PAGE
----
If you had problems accessing your bank's website this week, you're not alone. Several major banks were hit this week with denial-of-service attacks which can make websites inaccessible. The latest bank to be hit was PNC Bank. Yesterday evening PNC had a "repair in progress" message on its home page. When I tried to access pnc.com this morning, I wasn't able to access anything.
I've been reporting on these issues in this forum thread when rumors first began about a cyberattack. As you might expect, banks kept quiet in reporting the cyberattack. But as the website outages grew, it became apparent that this was a sophisticated cyberattack, and yesterday evening, it was the top story of ABC World News. The news report called it "the most extensive attack on American banks ever - launched from the Middle East - happening right now." In addition to PNC, the banks that have been hit this week include Bank of America, Wells Fargo, Chase and US Bank.
It's important to understand that this cyberattack has no direct effect on your money. There have been no reports that hackers have gained access to customer accounts. The type of attack that we are seeing is what's called a denial-of-service attack. The hackers send a huge amount of traffic to a website which overloads the website and makes it inaccessible for others. One defense that websites use against this attack is to block IP addresses. Hackers can make this defense more difficult by sending traffic from many different IP addresses. This is often done by hijacking thousands of servers with viruses that can be instructed to send traffic to certain websites. This more sophisticated approach is called a distributed denial-of-service (DDoS) attack. New defenses have been developed to guard against DDoS attacks, but hackers keep working on ways to break those defenses. It appears that in this bank DDoS wave of attacks, the hackers took it to the next level. According to this CNNMoney.com article:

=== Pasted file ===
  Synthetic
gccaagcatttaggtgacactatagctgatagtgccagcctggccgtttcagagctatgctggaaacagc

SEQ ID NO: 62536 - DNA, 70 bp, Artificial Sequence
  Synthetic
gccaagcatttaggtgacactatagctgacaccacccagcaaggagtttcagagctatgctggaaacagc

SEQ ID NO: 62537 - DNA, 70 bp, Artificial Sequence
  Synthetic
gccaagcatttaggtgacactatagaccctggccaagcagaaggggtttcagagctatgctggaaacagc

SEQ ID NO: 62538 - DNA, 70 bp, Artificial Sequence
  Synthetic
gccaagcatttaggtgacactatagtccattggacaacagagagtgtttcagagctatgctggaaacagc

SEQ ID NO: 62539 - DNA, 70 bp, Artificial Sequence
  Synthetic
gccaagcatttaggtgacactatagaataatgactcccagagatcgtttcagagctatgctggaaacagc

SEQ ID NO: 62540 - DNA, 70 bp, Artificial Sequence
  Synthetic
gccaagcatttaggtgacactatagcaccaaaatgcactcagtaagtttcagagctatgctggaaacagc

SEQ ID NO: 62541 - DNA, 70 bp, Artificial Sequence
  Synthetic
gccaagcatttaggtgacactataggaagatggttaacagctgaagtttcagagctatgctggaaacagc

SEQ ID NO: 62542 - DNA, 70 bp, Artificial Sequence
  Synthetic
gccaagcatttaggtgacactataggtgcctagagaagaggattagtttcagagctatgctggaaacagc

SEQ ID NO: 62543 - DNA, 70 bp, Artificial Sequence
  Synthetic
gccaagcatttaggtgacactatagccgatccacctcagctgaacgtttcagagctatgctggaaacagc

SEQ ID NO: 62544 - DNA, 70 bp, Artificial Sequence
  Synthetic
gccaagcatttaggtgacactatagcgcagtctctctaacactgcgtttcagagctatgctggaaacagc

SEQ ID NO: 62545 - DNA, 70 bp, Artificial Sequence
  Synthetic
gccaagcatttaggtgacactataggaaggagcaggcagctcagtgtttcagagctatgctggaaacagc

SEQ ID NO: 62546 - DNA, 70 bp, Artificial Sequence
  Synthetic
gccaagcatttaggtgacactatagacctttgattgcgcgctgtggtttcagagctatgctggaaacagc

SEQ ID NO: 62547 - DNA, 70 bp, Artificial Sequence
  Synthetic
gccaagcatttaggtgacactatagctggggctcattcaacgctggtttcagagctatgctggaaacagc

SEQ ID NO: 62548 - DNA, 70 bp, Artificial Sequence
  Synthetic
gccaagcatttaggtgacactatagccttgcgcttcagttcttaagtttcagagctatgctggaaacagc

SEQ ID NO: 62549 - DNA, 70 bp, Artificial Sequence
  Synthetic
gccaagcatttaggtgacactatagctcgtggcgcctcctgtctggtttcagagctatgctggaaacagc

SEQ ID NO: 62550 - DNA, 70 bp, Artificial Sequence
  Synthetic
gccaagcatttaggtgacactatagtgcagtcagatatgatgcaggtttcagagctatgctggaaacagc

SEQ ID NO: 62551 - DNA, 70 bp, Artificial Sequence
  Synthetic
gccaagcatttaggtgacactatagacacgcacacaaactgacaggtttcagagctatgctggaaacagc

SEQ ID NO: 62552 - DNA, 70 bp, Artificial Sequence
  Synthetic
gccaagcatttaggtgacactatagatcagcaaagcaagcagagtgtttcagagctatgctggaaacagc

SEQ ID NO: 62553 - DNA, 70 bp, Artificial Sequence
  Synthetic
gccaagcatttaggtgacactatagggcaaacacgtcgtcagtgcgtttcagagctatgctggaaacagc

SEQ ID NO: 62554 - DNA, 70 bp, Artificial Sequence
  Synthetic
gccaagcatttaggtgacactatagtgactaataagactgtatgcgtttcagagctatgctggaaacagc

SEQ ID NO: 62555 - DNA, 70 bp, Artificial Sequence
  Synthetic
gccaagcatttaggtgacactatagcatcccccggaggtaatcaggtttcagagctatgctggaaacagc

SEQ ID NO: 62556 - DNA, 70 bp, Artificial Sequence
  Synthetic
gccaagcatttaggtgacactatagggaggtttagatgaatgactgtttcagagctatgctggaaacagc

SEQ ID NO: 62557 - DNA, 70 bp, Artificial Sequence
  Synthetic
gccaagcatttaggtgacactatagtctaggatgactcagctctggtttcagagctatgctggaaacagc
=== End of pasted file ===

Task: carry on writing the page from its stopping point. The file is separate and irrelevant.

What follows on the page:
Banks get hit by cyberattackers all the time and typically have some of the best defenses against them. This time, they were outgunned.
"The volume of traffic sent to these sites is frankly unprecedented," said Dmitri Alperovitch, co-founder of CrowdStrike, a security firm that has been investigating the attacks. "It's 10 to 20 times the volume that we normally see, and twice the previous record for a denial of service attack."
Even though these cyberattacks don't affect our bank savings, it can make it more difficult for us to conduct our banking business. If you can't quickly access your bank accounts, you might lose money. For example, if it delays an online bill payment, you might be hit with a late fee. Also, if you are trying to close a CD that has matured, a delay could allow the CD to be automatically renewed at a very low rate. This is another reason to avoid waiting to the last day to take care of these transactions.
One thing that can help you deal with these issues is to bookmark your bank's login page. Often the account servers are different than the servers that run the main pages. These DDoS attacks may only affect the bank's main page without affecting the account servers. When an attack is in progress, a bank may put up a temporary front page with links to its login pages. This is what PNC did yesterday.